So, applying that rule to my example of d10s, the Special Forces character with his big handful of dice will likely toss a few 10s, which will each receive the addition of another d10. So he may have a few dice resulting in 12 or 18 or whatever, letting him score successes against that TN of 11.

Fair enough; it gets around the problem. I have to say, though, in this area dice pools seem less elegant than dice + adds, which have no problem smoothly balancing any number of bonuses and penalties.

Hmm, here’s a random thought that just occurred. For gamers who like that nice “big handful of dice” aspect of dice pools but are playing dice + adds games, there’s an obvious way to crank up the dice: Convert big net bonuses to dice. So if the game has you making its universal 3d roll but you have a +8 bonus, roll 5d+1 instead.

Works for “high roll is good” systems, anyway.

## Esteemed Visitor

The main propblem of dice + adds in your example is that that special forces character that has +10 to a skill check never, ever, ever fails. Now if he were rolling a group of dice instead, he’s still going to succeed most of the time, but once in a while, he won’t.

Solid static bonuses have their own share of issues…

## tbone

True, the +10 bonus – absent any mitigating mechanisms – means the special ops character never fails. I don’t think that’s necessarily a bad thing! There are tasks at which the +10 character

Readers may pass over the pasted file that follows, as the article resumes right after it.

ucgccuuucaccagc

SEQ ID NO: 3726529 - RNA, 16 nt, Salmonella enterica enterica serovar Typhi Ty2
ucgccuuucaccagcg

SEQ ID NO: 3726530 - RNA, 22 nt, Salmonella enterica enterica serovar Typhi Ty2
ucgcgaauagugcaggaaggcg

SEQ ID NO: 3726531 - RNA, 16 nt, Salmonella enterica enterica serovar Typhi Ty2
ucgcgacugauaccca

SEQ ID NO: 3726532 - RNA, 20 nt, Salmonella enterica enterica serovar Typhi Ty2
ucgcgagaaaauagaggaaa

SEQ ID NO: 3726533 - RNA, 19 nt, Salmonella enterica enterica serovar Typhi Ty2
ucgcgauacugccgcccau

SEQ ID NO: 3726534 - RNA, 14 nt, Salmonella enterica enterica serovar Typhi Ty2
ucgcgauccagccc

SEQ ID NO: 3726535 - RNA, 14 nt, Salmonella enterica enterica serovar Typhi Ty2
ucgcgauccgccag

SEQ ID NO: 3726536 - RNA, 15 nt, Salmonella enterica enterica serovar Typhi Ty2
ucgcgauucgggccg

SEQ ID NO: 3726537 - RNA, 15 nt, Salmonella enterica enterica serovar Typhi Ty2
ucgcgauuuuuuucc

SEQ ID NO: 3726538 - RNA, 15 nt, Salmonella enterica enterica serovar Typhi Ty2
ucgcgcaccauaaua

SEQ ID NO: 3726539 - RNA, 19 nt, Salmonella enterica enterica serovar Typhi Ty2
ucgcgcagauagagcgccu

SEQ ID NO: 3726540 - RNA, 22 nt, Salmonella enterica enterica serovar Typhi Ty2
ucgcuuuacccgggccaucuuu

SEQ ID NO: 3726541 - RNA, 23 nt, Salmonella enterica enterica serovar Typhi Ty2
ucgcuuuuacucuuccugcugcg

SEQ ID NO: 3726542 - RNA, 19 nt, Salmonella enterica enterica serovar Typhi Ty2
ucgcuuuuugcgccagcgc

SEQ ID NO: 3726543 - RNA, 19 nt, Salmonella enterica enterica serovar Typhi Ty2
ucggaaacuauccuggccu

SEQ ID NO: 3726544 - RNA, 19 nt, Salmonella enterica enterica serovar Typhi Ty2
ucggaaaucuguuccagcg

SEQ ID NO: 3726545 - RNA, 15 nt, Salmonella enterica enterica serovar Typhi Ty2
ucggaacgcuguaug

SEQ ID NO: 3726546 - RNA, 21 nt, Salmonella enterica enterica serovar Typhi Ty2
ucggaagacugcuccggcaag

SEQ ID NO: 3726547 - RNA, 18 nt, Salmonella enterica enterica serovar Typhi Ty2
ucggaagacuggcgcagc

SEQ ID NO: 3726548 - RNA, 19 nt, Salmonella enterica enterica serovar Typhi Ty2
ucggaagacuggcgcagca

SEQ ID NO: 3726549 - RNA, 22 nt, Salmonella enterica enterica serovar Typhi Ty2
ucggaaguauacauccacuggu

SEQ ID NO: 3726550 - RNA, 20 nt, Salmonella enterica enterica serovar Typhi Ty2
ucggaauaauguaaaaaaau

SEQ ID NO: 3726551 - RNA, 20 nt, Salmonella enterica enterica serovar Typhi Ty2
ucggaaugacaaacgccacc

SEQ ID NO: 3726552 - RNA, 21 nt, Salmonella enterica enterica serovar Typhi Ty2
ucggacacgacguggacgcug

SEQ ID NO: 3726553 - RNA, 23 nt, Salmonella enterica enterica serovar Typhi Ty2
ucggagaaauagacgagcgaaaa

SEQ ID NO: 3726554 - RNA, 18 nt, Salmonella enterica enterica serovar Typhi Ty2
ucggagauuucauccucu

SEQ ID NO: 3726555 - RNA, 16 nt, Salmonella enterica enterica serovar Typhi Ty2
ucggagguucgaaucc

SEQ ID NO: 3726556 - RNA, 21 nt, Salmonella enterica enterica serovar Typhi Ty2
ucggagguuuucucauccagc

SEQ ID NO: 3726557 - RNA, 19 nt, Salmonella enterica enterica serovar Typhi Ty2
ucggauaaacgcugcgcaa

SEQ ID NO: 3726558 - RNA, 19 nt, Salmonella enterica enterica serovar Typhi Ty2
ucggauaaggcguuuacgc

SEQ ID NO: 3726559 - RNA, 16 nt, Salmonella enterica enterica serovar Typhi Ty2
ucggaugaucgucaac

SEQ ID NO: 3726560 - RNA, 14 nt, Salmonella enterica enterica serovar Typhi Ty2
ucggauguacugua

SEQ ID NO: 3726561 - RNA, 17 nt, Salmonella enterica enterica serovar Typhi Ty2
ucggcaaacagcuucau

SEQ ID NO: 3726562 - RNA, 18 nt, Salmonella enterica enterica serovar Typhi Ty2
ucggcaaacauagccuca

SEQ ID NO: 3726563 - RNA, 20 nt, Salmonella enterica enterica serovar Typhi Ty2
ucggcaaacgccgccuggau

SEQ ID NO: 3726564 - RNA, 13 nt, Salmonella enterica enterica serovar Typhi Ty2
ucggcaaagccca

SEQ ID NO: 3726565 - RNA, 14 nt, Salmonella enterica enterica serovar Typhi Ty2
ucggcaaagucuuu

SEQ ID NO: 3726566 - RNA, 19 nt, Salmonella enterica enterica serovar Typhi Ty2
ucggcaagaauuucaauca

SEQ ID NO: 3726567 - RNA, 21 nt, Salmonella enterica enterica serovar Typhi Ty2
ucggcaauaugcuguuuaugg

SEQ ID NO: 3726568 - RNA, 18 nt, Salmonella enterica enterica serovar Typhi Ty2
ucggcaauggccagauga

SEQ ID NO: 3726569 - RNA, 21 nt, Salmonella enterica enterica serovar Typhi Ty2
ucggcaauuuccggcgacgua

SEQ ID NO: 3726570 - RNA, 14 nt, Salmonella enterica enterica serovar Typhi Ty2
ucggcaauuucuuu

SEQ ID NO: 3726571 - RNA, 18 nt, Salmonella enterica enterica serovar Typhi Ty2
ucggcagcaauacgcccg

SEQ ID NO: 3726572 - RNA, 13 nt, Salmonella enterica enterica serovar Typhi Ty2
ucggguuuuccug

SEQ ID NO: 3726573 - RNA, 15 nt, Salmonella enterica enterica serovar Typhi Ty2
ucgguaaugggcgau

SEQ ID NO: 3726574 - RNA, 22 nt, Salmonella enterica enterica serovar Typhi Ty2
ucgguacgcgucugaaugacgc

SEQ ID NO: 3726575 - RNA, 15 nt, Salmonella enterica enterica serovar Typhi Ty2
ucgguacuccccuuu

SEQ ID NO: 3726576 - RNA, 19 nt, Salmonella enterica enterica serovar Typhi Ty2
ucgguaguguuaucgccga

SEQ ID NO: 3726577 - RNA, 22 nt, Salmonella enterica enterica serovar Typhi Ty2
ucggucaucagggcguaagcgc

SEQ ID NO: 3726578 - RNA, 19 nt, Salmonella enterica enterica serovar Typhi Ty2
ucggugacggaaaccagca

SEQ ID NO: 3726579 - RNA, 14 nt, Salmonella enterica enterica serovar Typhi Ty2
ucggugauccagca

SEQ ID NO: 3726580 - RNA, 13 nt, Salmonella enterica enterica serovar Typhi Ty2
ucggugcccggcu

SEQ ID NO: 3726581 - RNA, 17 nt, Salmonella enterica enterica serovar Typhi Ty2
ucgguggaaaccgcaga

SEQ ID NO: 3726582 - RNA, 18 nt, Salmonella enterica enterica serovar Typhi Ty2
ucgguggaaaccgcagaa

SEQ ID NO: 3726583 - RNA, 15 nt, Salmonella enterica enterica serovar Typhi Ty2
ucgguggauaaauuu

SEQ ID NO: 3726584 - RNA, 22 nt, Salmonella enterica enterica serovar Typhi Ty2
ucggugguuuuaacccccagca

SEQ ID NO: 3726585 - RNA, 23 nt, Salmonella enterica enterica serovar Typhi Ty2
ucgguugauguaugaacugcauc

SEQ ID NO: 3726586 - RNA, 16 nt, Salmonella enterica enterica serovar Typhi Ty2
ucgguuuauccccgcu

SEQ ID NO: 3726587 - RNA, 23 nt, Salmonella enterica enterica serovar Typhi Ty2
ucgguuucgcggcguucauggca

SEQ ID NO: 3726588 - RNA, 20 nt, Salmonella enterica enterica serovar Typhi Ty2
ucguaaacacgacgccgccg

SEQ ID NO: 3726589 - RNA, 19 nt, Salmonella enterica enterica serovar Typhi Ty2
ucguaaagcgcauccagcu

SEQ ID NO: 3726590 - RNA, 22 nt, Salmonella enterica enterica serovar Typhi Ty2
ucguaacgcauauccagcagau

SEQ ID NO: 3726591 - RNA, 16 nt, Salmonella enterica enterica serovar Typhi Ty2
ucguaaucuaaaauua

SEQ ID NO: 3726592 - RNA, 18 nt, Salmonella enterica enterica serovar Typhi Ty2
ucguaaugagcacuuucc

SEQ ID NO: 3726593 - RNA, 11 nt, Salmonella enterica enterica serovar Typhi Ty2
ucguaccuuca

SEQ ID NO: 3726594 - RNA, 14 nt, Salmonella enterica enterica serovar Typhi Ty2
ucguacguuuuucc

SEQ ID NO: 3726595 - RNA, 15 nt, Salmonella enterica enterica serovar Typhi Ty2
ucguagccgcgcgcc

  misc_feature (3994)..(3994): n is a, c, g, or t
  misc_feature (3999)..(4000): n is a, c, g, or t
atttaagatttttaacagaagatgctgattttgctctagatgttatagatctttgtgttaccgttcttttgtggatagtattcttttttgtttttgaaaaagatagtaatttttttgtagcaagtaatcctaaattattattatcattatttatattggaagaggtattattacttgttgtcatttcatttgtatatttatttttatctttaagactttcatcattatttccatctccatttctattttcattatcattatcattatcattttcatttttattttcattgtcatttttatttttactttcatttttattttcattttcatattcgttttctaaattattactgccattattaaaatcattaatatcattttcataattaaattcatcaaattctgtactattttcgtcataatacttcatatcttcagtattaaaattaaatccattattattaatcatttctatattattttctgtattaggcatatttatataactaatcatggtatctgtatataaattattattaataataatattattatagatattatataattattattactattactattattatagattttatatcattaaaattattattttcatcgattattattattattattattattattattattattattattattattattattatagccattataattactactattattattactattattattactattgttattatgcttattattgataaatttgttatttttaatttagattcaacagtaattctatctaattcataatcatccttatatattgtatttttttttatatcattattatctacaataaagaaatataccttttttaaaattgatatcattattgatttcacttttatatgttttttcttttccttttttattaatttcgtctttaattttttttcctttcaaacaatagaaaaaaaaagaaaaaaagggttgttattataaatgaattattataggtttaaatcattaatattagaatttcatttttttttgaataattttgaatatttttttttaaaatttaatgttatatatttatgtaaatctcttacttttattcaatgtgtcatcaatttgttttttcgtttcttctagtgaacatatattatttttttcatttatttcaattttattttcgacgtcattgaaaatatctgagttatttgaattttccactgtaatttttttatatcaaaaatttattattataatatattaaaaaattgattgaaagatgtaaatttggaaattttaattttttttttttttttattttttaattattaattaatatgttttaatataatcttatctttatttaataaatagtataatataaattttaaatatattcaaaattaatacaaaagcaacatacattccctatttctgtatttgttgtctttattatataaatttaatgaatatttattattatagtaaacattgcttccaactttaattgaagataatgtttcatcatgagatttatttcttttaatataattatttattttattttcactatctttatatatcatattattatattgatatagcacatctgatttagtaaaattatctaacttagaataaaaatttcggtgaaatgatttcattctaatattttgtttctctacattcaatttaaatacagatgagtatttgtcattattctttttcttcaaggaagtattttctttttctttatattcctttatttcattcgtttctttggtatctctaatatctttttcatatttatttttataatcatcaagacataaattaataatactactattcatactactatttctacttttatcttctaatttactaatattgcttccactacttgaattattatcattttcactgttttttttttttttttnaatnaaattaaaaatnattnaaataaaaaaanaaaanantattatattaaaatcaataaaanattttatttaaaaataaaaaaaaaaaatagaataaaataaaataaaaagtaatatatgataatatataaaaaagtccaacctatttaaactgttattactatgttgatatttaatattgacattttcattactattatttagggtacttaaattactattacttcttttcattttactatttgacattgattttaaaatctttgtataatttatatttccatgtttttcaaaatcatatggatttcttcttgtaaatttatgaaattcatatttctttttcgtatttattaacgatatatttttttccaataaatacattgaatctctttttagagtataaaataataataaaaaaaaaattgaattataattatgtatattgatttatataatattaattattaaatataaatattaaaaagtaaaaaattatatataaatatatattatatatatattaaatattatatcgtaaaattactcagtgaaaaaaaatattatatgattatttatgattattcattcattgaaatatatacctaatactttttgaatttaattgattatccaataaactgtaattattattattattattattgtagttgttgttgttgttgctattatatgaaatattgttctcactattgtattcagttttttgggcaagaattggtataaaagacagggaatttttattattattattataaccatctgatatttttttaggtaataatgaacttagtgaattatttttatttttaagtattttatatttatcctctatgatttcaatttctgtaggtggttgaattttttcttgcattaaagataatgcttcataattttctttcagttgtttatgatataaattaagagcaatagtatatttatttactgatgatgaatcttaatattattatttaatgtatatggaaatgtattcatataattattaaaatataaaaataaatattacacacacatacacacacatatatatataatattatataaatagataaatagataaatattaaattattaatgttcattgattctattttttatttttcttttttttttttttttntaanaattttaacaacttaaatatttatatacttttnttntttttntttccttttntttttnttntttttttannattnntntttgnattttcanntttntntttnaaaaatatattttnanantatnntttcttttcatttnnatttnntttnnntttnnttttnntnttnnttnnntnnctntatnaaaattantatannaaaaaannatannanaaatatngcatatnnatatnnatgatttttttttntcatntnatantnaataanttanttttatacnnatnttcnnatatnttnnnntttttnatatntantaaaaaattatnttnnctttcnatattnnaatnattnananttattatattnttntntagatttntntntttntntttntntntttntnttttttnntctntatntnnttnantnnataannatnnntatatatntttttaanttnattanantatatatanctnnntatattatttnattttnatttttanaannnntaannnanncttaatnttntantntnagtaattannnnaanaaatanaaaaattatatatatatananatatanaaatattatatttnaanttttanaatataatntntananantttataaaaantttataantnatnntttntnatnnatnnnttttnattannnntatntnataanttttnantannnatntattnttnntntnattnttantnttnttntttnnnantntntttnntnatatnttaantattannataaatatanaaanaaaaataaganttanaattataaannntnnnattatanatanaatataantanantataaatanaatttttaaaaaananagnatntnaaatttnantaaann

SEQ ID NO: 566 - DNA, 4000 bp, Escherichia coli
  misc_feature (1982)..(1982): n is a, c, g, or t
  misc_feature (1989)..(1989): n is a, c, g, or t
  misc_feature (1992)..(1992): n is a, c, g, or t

shouldn’tever fail, barring factors that would whittle away at the bonus (e.g., eventual fatigure, if the guy is just making that roll again and again and again), or new circumstances that would dramatically change the bonus or the very nature of the roll.I yammer a bit on a related topic on this page, using the classic “unbeatable defenses” problem as an example. In short, I argue that, in some proposed “unbeatable defenses” scenarios, the defender

shouldnail every defense, parry after parry after parry, until something changes.Still, your point’s well taken. Normally, we assume that some sort of random factors

arealways happening around the edges, and that these should always make failure a possibility for Mr. Perfect +10. It would arguably be unsatisfying if the mechanics didn’t allow for this.But that’s where dice + adds systems typically do allow for the otherwise statistically impossible, through critical hits/misses. Whether it’s a crit system like GURPS’ (which essentially throws out all stats and mods on certain rolls), or some sort of exploding dice system (which still leaves the base stats and mods relevant, but squeezes in

somechance of the unexpected), there’s always some way to avoid static outcomes even with dice + adds.(Even if tossing big handfuls of dice still sounds more fun sometimes… : )

## Esteemed Visitor

Exploding dice solve that problem easily. And believe me, rolling a 10 on a d10 or a 6 on a d6 is fairly common (1 in 10/1 in 6).

## tussock

Never have seen a game that produced anything like a sensible range of target numbers, dice pool size, or required successes.

The math is genuinely unintuitive, and the probabilities are all extremely jumpy when the target numbers move off 50% per die, especially with large dice pools.

Then you get into designers losing themselves in the possible modifiers, without calculating how severely one can effect the others. Number of dice, target number, number of successes, ratio of success to failure, degrees of success, and so on. You end up with games were you’re more likely to accidentally kill yourself by being more skilled.

For anyone playing one: get yourself 4-6 dice to lower the chance of total failure below where you’ll notice it, then do everything you can to ease the target numbers. -1 TN is almost always worth more than another half dozen dice, and you’ll never have more dice than -2 TN is worth on d10’s.